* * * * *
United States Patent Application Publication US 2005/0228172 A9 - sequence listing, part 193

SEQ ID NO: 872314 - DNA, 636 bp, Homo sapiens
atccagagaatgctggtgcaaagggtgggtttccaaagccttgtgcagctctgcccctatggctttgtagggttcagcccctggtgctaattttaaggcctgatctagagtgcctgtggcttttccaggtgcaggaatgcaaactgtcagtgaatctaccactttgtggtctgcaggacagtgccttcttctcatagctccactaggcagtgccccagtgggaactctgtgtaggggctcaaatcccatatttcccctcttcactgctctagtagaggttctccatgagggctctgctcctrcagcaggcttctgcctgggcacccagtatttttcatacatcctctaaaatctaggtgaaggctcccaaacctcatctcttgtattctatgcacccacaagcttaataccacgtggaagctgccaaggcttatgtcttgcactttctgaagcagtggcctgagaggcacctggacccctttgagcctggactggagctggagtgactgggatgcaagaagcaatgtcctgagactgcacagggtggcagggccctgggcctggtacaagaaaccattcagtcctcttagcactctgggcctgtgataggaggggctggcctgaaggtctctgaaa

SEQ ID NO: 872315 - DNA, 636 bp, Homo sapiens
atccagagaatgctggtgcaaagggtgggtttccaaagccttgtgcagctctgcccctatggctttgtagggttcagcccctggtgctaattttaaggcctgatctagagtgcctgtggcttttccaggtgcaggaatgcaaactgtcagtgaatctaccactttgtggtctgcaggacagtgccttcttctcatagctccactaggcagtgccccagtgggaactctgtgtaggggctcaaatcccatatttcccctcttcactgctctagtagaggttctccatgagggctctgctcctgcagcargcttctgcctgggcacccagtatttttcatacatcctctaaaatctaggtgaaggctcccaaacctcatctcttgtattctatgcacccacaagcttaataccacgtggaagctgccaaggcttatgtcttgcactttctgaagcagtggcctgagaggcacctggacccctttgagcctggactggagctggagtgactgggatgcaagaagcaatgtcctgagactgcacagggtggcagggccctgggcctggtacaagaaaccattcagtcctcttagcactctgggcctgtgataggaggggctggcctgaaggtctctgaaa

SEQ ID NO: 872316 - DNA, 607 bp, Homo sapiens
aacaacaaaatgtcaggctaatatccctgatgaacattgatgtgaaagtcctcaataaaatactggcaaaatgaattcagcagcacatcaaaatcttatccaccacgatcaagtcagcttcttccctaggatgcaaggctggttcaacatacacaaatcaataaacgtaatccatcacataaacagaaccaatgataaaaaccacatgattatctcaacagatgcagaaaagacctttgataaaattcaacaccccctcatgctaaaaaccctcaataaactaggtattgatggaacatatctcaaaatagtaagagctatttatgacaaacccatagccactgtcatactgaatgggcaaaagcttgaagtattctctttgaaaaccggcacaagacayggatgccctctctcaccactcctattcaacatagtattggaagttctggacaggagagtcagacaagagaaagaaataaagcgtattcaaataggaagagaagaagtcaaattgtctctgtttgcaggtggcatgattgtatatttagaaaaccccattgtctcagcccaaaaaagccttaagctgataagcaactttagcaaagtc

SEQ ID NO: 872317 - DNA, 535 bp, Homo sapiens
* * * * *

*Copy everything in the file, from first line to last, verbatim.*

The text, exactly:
United States Patent Application Publication US 2005/0228172 A9 - sequence listing, part 193

SEQ ID NO: 872314 - DNA, 636 bp, Homo sapiens
atccagagaatgctggtgcaaagggtgggtttccaaagccttgtgcagctctgcccctatggctttgtagggttcagcccctggtgctaattttaaggcctgatctagagtgcctgtggcttttccaggtgcaggaatgcaaactgtcagtgaatctaccactttgtggtctgcaggacagtgccttcttctcatagctccactaggcagtgccccagtgggaactctgtgtaggggctcaaatcccatatttcccctcttcactgctctagtagaggttctccatgagggctctgctcctrcagcaggcttctgcctgggcacccagtatttttcatacatcctctaaaatctaggtgaaggctcccaaacctcatctcttgtattctatgcacccacaagcttaataccacgtggaagctgccaaggcttatgtcttgcactttctgaagcagtggcctgagaggcacctggacccctttgagcctggactggagctggagtgactgggatgcaagaagcaatgtcctgagactgcacagggtggcagggccctgggcctggtacaagaaaccattcagtcctcttagcactctgggcctgtgataggaggggctggcctgaaggtctctgaaa

SEQ ID NO: 872315 - DNA, 636 bp, Homo sapiens
atccagagaatgctggtgcaaagggtgggtttccaaagccttgtgcagctctgcccctatggctttgtagggttcagcccctggtgctaattttaaggcctgatctagagtgcctgtggcttttccaggtgcaggaatgcaaactgtcagtgaatctaccactttgtggtctgcaggacagtgccttcttctcatagctccactaggcagtgccccagtgggaactctgtgtaggggctcaaatcccatatttcccctcttcactgctctagtagaggttctccatgagggctctgctcctgcagcargcttctgcctgggcacccagtatttttcatacatcctctaaaatctaggtgaaggctcccaaacctcatctcttgtattctatgcacccacaagcttaataccacgtggaagctgccaaggcttatgtcttgcactttctgaagcagtggcctgagaggcacctggacccctttgagcctggactggagctggagtgactgggatgcaagaagcaatgtcctgagactgcacagggtggcagggccctgggcctggtacaagaaaccattcagtcctcttagcactctgggcctgtgataggaggggctggcctgaaggtctctgaaa

SEQ ID NO: 872316 - DNA, 607 bp, Homo sapiens
aacaacaaaatgtcaggctaatatccctgatgaacattgatgtgaaagtcctcaataaaatactggcaaaatgaattcagcagcacatcaaaatcttatccaccacgatcaagtcagcttcttccctaggatgcaaggctggttcaacatacacaaatcaataaacgtaatccatcacataaacagaaccaatgataaaaaccacatgattatctcaacagatgcagaaaagacctttgataaaattcaacaccccctcatgctaaaaaccctcaataaactaggtattgatggaacatatctcaaaatagtaagagctatttatgacaaacccatagccactgtcatactgaatgggcaaaagcttgaagtattctctttgaaaaccggcacaagacayggatgccctctctcaccactcctattcaacatagtattggaagttctggacaggagagtcagacaagagaaagaaataaagcgtattcaaataggaagagaagaagtcaaattgtctctgtttgcaggtggcatgattgtatatttagaaaaccccattgtctcagcccaaaaaagccttaagctgataagcaactttagcaaagtc

SEQ ID NO: 872317 - DNA, 535 bp, Homo sapiens